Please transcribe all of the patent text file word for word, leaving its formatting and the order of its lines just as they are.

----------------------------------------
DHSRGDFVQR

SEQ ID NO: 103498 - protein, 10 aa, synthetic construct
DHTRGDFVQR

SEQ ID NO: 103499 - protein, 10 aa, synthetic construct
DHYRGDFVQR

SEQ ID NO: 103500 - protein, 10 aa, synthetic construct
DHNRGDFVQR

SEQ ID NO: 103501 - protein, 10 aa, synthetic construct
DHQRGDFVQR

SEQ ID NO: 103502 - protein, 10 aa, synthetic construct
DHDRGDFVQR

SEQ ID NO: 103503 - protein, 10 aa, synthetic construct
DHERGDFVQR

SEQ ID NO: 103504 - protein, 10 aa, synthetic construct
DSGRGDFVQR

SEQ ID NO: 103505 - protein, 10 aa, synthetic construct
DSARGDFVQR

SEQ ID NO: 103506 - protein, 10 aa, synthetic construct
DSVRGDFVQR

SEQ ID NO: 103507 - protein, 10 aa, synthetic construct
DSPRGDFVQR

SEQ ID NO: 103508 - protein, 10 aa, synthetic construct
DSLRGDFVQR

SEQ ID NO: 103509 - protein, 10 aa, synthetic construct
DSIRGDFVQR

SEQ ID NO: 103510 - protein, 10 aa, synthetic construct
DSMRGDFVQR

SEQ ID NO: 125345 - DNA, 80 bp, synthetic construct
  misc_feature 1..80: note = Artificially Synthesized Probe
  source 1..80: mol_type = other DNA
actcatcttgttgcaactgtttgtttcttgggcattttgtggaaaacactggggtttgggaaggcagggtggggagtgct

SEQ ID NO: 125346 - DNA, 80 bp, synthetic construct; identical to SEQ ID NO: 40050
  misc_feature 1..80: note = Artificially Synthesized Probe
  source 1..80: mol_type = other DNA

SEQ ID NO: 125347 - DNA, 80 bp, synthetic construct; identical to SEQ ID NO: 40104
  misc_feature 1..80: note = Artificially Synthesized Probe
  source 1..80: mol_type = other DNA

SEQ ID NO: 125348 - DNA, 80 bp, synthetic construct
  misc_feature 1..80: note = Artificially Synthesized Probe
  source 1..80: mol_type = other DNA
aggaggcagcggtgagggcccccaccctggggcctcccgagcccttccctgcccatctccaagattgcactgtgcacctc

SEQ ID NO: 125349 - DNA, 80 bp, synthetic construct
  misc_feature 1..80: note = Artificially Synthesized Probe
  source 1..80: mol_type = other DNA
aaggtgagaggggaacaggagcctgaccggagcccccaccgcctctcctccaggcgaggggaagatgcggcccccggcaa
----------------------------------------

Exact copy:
DHSRGDFVQR

SEQ ID NO: 103498 - protein, 10 aa, synthetic construct
DHTRGDFVQR

SEQ ID NO: 103499 - protein, 10 aa, synthetic construct
DHYRGDFVQR

SEQ ID NO: 103500 - protein, 10 aa, synthetic construct
DHNRGDFVQR

SEQ ID NO: 103501 - protein, 10 aa, synthetic construct
DHQRGDFVQR

SEQ ID NO: 103502 - protein, 10 aa, synthetic construct
DHDRGDFVQR

SEQ ID NO: 103503 - protein, 10 aa, synthetic construct
DHERGDFVQR

SEQ ID NO: 103504 - protein, 10 aa, synthetic construct
DSGRGDFVQR

SEQ ID NO: 103505 - protein, 10 aa, synthetic construct
DSARGDFVQR

SEQ ID NO: 103506 - protein, 10 aa, synthetic construct
DSVRGDFVQR

SEQ ID NO: 103507 - protein, 10 aa, synthetic construct
DSPRGDFVQR

SEQ ID NO: 103508 - protein, 10 aa, synthetic construct
DSLRGDFVQR

SEQ ID NO: 103509 - protein, 10 aa, synthetic construct
DSIRGDFVQR

SEQ ID NO: 103510 - protein, 10 aa, synthetic construct
DSMRGDFVQR

SEQ ID NO: 125345 - DNA, 80 bp, synthetic construct
  misc_feature 1..80: note = Artificially Synthesized Probe
  source 1..80: mol_type = other DNA
actcatcttgttgcaactgtttgtttcttgggcattttgtggaaaacactggggtttgggaaggcagggtggggagtgct

SEQ ID NO: 125346 - DNA, 80 bp, synthetic construct; identical to SEQ ID NO: 40050
  misc_feature 1..80: note = Artificially Synthesized Probe
  source 1..80: mol_type = other DNA

SEQ ID NO: 125347 - DNA, 80 bp, synthetic construct; identical to SEQ ID NO: 40104
  misc_feature 1..80: note = Artificially Synthesized Probe
  source 1..80: mol_type = other DNA

SEQ ID NO: 125348 - DNA, 80 bp, synthetic construct
  misc_feature 1..80: note = Artificially Synthesized Probe
  source 1..80: mol_type = other DNA
aggaggcagcggtgagggcccccaccctggggcctcccgagcccttccctgcccatctccaagattgcactgtgcacctc

SEQ ID NO: 125349 - DNA, 80 bp, synthetic construct
  misc_feature 1..80: note = Artificially Synthesized Probe
  source 1..80: mol_type = other DNA
aaggtgagaggggaacaggagcctgaccggagcccccaccgcctctcctccaggcgaggggaagatgcggcccccggcaa